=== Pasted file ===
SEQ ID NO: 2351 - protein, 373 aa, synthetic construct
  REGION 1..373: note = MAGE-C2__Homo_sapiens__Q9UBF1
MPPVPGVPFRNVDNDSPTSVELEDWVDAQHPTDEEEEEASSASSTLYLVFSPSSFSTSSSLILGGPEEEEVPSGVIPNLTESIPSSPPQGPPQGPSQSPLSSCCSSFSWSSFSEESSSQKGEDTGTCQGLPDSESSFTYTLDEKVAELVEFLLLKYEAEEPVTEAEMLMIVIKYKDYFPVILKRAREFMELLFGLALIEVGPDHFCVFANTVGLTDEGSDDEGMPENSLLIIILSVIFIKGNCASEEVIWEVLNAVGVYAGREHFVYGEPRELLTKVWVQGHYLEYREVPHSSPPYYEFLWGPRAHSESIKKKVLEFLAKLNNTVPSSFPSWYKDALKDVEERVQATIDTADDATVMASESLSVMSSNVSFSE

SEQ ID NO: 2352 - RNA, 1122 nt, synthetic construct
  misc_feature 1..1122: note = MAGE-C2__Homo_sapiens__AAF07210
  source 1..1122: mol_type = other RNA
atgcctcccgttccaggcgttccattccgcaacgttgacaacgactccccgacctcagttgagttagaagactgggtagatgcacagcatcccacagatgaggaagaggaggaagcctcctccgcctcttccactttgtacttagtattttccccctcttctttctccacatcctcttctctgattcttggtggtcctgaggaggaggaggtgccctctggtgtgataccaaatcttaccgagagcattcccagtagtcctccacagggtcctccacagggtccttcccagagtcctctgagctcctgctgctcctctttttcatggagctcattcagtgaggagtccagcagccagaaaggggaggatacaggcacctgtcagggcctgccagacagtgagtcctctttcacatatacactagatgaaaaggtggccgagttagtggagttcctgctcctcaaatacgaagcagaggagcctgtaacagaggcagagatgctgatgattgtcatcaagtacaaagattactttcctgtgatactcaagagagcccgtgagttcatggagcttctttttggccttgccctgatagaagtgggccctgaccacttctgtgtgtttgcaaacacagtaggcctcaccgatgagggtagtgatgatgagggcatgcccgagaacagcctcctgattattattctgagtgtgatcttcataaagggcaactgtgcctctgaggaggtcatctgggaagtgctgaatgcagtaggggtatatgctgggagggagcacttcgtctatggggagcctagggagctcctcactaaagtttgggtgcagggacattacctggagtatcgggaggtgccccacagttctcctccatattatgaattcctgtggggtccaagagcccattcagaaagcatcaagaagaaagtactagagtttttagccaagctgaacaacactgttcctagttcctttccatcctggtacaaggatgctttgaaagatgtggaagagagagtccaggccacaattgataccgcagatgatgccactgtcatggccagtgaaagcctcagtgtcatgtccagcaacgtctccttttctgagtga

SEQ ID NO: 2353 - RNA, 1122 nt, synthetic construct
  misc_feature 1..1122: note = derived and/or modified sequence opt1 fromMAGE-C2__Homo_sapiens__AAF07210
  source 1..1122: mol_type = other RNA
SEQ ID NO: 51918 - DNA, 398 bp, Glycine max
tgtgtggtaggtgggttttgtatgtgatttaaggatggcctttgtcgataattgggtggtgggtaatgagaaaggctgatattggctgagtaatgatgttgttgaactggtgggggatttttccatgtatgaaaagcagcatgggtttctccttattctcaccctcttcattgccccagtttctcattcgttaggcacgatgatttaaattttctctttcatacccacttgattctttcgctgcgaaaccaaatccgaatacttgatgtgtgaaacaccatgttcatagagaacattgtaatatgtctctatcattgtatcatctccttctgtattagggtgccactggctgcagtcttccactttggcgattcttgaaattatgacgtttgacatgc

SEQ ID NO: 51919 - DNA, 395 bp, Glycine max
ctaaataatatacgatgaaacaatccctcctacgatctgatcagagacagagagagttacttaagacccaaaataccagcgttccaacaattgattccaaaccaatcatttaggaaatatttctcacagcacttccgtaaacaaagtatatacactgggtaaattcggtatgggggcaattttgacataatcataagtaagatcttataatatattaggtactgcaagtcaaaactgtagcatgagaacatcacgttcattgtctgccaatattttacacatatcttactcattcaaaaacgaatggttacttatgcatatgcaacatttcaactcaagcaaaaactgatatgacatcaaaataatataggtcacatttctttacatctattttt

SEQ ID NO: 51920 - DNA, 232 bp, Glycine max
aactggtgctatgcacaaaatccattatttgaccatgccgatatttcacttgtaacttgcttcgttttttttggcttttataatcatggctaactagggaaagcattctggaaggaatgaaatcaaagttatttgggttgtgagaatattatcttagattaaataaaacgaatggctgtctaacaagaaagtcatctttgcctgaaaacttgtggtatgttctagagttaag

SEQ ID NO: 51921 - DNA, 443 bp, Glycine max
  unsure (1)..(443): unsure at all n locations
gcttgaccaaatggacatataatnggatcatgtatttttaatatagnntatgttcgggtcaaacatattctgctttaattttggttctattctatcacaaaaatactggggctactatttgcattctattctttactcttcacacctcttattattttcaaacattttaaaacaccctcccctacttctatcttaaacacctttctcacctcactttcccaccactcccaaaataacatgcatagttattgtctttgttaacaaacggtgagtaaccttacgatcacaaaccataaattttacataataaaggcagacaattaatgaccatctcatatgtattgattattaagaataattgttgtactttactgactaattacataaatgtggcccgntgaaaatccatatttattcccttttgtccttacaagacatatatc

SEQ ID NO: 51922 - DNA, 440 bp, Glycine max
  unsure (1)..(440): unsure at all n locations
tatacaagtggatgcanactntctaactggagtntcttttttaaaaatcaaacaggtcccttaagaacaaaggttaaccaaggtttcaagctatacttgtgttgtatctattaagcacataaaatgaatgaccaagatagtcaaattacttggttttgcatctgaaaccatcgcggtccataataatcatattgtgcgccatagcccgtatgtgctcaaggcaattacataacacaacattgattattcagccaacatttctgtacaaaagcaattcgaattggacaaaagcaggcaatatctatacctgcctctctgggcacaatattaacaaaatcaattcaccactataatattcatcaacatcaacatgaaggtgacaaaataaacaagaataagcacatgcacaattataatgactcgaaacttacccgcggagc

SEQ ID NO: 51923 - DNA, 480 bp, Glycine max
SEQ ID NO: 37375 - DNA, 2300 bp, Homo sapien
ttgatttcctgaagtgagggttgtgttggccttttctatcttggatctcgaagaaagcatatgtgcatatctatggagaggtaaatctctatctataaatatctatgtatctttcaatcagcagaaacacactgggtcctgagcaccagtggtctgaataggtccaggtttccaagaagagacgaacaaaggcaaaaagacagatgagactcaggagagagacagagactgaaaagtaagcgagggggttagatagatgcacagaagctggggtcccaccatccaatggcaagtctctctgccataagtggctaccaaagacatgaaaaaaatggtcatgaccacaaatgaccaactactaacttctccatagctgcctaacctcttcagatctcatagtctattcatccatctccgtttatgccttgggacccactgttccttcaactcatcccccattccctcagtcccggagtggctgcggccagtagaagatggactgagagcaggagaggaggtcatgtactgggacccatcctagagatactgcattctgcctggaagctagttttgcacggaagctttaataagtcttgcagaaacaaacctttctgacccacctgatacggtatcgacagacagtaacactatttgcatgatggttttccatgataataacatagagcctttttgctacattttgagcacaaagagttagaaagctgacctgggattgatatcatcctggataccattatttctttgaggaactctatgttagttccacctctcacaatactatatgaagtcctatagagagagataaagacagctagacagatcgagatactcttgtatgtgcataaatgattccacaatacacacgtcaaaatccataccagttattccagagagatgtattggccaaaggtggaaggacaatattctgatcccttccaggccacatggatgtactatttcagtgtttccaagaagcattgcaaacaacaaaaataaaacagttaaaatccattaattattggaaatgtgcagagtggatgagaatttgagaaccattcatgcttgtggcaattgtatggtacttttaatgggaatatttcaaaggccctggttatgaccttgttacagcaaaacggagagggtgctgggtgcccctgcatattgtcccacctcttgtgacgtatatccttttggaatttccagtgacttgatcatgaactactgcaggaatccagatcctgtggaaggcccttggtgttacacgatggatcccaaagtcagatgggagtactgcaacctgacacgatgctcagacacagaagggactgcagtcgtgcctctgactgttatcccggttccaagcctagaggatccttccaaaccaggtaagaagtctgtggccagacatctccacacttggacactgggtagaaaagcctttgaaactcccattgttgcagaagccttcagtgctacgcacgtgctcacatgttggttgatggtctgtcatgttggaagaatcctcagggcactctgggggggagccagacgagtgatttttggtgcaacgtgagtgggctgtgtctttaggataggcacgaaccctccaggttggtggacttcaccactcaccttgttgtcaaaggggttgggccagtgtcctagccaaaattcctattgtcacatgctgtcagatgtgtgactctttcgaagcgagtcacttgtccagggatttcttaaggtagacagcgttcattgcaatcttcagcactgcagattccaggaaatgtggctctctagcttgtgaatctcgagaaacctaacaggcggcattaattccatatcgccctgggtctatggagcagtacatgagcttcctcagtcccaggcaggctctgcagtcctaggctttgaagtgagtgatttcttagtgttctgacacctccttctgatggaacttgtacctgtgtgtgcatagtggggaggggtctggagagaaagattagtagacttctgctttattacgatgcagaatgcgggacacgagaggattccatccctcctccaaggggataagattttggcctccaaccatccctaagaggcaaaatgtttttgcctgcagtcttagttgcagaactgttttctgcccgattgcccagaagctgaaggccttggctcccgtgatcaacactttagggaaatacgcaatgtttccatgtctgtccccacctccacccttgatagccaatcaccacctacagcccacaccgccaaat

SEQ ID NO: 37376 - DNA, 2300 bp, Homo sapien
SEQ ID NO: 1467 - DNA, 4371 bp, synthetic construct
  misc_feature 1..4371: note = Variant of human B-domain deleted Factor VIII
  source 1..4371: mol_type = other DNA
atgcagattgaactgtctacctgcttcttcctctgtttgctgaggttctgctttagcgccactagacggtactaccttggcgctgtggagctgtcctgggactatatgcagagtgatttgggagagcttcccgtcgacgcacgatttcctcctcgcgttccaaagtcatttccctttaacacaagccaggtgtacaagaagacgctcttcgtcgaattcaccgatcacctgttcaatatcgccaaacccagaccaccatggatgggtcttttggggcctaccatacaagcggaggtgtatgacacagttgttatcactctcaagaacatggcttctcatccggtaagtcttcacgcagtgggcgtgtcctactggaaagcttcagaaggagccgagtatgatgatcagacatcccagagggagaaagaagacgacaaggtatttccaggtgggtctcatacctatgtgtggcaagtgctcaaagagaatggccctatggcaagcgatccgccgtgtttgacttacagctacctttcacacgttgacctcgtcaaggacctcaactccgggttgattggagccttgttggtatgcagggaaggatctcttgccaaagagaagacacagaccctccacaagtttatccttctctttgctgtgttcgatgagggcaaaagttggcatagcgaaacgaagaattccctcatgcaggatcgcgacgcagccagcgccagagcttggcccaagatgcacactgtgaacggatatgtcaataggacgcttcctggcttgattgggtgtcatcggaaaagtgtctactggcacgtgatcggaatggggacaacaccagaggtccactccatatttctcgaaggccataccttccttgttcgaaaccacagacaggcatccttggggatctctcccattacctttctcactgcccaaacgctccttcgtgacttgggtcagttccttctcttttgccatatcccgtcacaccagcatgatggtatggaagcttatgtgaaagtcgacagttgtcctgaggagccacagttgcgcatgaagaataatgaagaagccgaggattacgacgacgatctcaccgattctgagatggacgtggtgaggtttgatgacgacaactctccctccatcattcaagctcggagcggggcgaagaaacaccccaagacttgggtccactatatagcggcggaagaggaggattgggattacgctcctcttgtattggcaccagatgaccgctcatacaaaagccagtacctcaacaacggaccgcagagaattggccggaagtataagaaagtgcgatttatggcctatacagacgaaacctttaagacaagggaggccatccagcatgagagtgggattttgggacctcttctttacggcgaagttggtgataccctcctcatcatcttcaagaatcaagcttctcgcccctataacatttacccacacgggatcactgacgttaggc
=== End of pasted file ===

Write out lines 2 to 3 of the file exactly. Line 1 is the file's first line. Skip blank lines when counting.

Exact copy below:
  REGION 1..373: note = MAGE-C2__Homo_sapiens__Q9UBF1
MPPVPGVPFRNVDNDSPTSVELEDWVDAQHPTDEEEEEASSASSTLYLVFSPSSFSTSSSLILGGPEEEEVPSGVIPNLTESIPSSPPQGPPQGPSQSPLSSCCSSFSWSSFSEESSSQKGEDTGTCQGLPDSESSFTYTLDEKVAELVEFLLLKYEAEEPVTEAEMLMIVIKYKDYFPVILKRAREFMELLFGLALIEVGPDHFCVFANTVGLTDEGSDDEGMPENSLLIIILSVIFIKGNCASEEVIWEVLNAVGVYAGREHFVYGEPRELLTKVWVQGHYLEYREVPHSSPPYYEFLWGPRAHSESIKKKVLEFLAKLNNTVPSSFPSWYKDALKDVEERVQATIDTADDATVMASESLSVMSSNVSFSE